Wyden lauded the debate in the House in a question-and-answer session after his speech. “The fact that this has made it to the floor of the House of Representatives is unquestionably good. It is another step…in the march to a real debate,” Wyden said, and added that Snowden’s disclosures made it possible. “We wouldn’t have had that seven, eight weeks ago.”
This fact was acknowledged—albeit begrudgingly—by other House members last week during an unusually contentious House Judiciary Committee hearing with officials from the Department of Justice and the NSA. “Snowden, I don’t like him at all, but we would’ve never known what happened if he hadn’t told us,” said Representative Ted Poe.
Earlier in the hearing, Representative James Sensenbrenner told the officials point-blank they might lose much of their authority to conduct surveillance under the Patriot Act—a statement that didn’t draw a ton of attention, but foreshadows a serious congressional check on the administration’s authority if Sensenbrenner is right.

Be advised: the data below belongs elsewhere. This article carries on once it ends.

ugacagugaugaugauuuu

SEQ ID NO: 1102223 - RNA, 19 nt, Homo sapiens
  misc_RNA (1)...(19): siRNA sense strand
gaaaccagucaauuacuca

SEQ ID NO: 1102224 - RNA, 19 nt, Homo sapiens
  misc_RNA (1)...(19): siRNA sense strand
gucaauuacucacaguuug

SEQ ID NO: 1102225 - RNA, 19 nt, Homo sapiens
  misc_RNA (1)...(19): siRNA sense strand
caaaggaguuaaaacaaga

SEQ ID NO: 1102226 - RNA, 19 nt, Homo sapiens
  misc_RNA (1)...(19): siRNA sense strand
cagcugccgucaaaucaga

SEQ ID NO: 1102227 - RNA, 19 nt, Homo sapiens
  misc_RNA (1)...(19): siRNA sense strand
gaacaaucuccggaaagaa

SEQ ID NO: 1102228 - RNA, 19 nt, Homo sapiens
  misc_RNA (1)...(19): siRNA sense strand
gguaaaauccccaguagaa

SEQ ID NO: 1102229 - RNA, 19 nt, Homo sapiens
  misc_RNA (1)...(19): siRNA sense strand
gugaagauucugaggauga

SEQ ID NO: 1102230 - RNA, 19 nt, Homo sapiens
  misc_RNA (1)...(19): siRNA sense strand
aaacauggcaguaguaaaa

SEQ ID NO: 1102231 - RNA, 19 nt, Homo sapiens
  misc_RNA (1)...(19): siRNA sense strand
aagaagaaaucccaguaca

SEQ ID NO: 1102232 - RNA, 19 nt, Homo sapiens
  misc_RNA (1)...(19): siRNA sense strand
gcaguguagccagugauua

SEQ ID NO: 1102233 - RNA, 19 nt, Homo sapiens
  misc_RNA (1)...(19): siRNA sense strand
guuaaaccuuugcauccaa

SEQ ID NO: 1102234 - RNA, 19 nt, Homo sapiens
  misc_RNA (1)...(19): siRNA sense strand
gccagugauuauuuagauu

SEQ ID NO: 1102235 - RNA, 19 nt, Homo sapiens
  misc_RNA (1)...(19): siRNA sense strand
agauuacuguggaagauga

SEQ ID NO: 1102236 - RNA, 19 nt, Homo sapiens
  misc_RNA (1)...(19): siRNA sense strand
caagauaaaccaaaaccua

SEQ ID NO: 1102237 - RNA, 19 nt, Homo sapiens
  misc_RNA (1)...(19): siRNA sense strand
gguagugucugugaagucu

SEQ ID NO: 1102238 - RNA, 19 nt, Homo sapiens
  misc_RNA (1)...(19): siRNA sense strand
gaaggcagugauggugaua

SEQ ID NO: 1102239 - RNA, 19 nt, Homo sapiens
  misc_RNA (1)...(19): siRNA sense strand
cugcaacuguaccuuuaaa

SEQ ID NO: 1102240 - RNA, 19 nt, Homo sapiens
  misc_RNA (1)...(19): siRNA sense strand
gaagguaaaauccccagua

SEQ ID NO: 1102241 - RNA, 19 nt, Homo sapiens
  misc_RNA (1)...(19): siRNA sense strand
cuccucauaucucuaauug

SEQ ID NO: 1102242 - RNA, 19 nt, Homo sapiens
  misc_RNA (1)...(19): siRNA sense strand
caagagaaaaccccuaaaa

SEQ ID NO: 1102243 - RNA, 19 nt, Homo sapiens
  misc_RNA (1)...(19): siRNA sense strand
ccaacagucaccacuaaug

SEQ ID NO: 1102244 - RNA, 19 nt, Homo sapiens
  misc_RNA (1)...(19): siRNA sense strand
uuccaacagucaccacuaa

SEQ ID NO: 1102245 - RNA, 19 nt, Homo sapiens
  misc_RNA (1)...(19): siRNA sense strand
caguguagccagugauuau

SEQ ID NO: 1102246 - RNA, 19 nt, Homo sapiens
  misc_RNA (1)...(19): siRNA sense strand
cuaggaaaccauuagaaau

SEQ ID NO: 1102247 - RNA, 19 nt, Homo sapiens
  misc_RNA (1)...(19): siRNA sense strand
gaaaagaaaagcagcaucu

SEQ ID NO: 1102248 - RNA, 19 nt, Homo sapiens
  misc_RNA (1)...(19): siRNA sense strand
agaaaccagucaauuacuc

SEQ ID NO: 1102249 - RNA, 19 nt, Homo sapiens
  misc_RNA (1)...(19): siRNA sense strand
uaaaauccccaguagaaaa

“Let me tell you, as one who has fought Patriot Act fights, usually it gets the people over on the other side of the aisle. Section 215 expires at the end of 2015. And unless you realize you’ve got a problem, that is not going to be renewed,” he said. “There are not the votes in the House of Representatives to renew Section 215.”
On top of all this, there are many other bills in Congress that have been introduced since last month’s revelations in The Guardian. Here’s a brief look at them all:
Senators Jeff Merkley and Mike Lee co-sponsored a bill on June 11 to declassify FISA court documents, which Wyden co-sponsored.
Senator Rand Paul (R-KY) introduced S.1121 “Fourth Amendment Restoration Act,” “A bill to stop the National Security Agency from spying on citizens of the United States and for other purposes,” introduced on June 7. It would require authorities possess a warrant based on probable cause in order to conduct surveillance.